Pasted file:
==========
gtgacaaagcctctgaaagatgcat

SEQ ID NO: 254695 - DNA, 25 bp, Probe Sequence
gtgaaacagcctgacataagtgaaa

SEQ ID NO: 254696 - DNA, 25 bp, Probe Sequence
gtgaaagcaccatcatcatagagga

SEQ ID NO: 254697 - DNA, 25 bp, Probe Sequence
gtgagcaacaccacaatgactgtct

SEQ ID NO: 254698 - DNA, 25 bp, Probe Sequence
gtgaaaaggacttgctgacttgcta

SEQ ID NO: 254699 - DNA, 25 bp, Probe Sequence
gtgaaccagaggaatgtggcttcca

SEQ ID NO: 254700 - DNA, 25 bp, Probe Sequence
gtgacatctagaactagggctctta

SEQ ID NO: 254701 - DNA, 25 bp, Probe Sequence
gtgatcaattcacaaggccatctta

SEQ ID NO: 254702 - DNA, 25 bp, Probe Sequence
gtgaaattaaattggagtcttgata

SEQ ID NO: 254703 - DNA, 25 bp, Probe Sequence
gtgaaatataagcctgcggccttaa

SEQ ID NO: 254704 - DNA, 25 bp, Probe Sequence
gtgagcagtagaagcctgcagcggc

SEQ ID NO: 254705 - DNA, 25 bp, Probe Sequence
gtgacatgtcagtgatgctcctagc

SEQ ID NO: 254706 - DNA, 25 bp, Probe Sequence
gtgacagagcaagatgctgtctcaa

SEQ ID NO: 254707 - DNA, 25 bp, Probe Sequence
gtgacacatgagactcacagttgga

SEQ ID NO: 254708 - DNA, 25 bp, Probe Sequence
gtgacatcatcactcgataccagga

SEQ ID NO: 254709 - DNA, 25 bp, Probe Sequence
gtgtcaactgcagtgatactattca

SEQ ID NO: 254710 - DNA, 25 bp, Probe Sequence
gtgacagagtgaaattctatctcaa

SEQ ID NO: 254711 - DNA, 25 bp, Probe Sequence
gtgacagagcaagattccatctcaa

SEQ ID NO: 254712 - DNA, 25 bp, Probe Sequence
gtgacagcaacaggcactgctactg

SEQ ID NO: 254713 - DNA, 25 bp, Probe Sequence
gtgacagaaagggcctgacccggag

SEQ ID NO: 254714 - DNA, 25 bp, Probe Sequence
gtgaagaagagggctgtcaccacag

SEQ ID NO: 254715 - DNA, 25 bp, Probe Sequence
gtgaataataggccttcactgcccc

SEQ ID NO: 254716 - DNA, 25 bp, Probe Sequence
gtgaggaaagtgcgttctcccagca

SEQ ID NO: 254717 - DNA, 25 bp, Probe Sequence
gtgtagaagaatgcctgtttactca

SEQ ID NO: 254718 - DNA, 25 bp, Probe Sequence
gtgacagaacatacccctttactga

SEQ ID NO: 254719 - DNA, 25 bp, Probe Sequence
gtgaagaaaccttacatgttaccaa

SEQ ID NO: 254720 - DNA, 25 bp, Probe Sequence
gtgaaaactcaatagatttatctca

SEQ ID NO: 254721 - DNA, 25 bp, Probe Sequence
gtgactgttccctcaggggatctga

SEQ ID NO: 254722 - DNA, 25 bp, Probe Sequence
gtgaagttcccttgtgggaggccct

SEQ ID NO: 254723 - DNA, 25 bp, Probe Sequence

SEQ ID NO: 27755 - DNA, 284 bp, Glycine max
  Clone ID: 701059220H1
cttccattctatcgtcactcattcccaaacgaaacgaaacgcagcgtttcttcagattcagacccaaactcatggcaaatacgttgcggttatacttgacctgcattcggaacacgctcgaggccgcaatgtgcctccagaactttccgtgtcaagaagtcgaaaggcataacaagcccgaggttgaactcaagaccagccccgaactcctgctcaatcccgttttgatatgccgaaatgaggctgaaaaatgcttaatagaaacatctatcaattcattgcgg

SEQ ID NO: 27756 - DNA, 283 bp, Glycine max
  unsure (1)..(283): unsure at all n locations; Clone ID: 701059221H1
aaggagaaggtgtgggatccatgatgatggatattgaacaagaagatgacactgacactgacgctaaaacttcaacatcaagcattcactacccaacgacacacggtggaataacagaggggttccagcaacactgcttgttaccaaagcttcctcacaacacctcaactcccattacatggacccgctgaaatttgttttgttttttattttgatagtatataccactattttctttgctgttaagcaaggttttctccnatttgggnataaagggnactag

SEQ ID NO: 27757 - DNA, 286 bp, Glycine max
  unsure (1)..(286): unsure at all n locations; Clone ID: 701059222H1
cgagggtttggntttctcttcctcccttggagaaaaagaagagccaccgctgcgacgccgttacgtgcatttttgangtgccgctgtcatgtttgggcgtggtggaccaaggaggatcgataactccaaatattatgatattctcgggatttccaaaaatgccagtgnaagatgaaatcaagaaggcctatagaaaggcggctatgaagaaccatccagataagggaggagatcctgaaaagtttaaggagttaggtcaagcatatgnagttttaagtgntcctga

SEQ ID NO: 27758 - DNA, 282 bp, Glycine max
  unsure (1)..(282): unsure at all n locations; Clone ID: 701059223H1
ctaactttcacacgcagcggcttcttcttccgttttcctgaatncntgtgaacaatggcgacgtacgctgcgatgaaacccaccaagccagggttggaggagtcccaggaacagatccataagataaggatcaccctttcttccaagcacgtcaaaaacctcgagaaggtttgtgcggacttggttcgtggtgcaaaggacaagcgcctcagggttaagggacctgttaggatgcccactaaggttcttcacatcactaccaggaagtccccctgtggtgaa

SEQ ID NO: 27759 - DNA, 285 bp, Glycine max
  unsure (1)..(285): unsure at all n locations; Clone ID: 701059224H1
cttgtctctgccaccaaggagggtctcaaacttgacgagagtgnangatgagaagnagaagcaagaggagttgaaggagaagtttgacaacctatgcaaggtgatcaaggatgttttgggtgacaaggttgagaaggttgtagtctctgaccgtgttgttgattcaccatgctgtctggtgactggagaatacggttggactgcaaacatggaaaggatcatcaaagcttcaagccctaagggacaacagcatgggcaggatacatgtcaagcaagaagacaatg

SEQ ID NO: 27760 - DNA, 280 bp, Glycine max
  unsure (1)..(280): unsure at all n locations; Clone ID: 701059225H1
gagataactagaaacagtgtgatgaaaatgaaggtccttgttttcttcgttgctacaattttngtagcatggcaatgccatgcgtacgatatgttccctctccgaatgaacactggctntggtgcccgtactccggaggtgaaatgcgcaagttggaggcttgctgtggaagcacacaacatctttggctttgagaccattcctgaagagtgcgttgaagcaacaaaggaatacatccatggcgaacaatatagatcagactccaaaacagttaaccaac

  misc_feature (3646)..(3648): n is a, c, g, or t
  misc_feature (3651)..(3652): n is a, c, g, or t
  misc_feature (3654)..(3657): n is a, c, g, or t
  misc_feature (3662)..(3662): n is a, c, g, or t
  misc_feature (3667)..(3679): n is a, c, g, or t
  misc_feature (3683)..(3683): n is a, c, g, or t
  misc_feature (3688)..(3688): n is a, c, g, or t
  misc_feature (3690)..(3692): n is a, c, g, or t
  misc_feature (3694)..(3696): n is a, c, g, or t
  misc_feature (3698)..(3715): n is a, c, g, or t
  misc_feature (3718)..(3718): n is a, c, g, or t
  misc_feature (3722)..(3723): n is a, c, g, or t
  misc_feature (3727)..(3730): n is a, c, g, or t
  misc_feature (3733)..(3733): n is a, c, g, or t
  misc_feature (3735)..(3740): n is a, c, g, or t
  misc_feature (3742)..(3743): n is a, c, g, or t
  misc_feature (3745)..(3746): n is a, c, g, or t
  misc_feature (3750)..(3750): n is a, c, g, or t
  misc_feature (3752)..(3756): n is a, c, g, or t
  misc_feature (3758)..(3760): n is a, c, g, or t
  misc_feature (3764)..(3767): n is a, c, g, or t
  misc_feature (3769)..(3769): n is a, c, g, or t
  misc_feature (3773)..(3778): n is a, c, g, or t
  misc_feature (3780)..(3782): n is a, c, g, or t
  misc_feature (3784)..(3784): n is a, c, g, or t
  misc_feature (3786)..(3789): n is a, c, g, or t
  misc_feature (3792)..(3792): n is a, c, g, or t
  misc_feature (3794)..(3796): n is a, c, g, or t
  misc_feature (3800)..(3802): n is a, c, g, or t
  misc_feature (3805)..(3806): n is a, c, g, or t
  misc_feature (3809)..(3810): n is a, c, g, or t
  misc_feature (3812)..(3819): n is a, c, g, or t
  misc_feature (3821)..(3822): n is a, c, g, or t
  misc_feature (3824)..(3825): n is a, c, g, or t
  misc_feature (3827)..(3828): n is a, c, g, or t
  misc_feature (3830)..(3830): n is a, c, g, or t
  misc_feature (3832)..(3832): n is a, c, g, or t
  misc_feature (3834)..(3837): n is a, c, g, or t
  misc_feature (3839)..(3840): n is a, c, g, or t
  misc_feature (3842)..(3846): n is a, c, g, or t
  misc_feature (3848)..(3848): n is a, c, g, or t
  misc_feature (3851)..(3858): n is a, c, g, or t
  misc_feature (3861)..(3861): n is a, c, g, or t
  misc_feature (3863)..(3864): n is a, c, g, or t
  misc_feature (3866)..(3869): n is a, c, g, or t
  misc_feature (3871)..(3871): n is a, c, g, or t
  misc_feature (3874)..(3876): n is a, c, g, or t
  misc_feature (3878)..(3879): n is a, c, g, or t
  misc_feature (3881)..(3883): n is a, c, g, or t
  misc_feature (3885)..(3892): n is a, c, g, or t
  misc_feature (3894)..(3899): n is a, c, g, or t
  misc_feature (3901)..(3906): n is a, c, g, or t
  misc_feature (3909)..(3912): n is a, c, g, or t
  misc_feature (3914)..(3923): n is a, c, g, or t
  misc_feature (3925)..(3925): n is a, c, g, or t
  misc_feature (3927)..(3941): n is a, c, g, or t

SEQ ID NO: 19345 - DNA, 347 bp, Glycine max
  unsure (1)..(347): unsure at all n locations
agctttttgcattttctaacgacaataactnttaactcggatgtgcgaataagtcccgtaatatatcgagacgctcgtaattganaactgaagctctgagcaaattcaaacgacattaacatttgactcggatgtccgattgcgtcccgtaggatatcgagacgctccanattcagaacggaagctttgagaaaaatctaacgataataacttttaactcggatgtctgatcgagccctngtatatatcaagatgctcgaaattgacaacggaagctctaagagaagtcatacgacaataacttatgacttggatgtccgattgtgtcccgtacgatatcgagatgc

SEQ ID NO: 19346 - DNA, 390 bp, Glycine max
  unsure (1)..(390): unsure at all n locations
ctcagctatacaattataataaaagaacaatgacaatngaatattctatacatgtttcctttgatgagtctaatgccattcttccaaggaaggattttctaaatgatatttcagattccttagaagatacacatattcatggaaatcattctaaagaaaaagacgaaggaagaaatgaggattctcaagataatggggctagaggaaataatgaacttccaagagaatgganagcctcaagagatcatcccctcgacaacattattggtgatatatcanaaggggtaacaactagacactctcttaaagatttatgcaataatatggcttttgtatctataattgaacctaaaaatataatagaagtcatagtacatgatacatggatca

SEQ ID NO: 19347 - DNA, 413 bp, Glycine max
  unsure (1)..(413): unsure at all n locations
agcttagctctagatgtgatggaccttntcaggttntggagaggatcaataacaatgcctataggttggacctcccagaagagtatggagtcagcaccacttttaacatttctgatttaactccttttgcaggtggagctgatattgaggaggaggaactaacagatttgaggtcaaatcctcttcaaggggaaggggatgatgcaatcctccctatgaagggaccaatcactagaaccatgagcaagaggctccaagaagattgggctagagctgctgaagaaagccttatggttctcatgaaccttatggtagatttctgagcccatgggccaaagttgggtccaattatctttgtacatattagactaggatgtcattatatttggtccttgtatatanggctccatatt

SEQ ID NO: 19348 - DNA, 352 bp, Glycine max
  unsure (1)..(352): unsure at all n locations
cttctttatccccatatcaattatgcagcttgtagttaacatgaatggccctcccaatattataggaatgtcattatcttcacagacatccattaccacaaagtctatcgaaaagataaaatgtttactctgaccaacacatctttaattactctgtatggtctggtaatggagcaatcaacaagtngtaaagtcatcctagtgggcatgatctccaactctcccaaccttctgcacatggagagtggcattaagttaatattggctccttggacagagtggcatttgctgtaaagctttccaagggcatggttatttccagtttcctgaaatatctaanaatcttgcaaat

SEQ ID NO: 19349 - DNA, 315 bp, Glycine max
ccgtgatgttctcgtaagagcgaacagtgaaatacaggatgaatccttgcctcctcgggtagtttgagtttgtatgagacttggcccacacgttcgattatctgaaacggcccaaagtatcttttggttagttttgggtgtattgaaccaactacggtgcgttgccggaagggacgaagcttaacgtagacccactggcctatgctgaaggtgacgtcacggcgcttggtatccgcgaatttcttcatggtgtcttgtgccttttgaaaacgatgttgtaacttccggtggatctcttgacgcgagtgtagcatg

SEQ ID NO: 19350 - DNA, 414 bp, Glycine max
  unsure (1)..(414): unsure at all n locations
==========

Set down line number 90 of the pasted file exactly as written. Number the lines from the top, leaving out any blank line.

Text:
  misc_feature (3733)..(3733): n is a, c, g, or t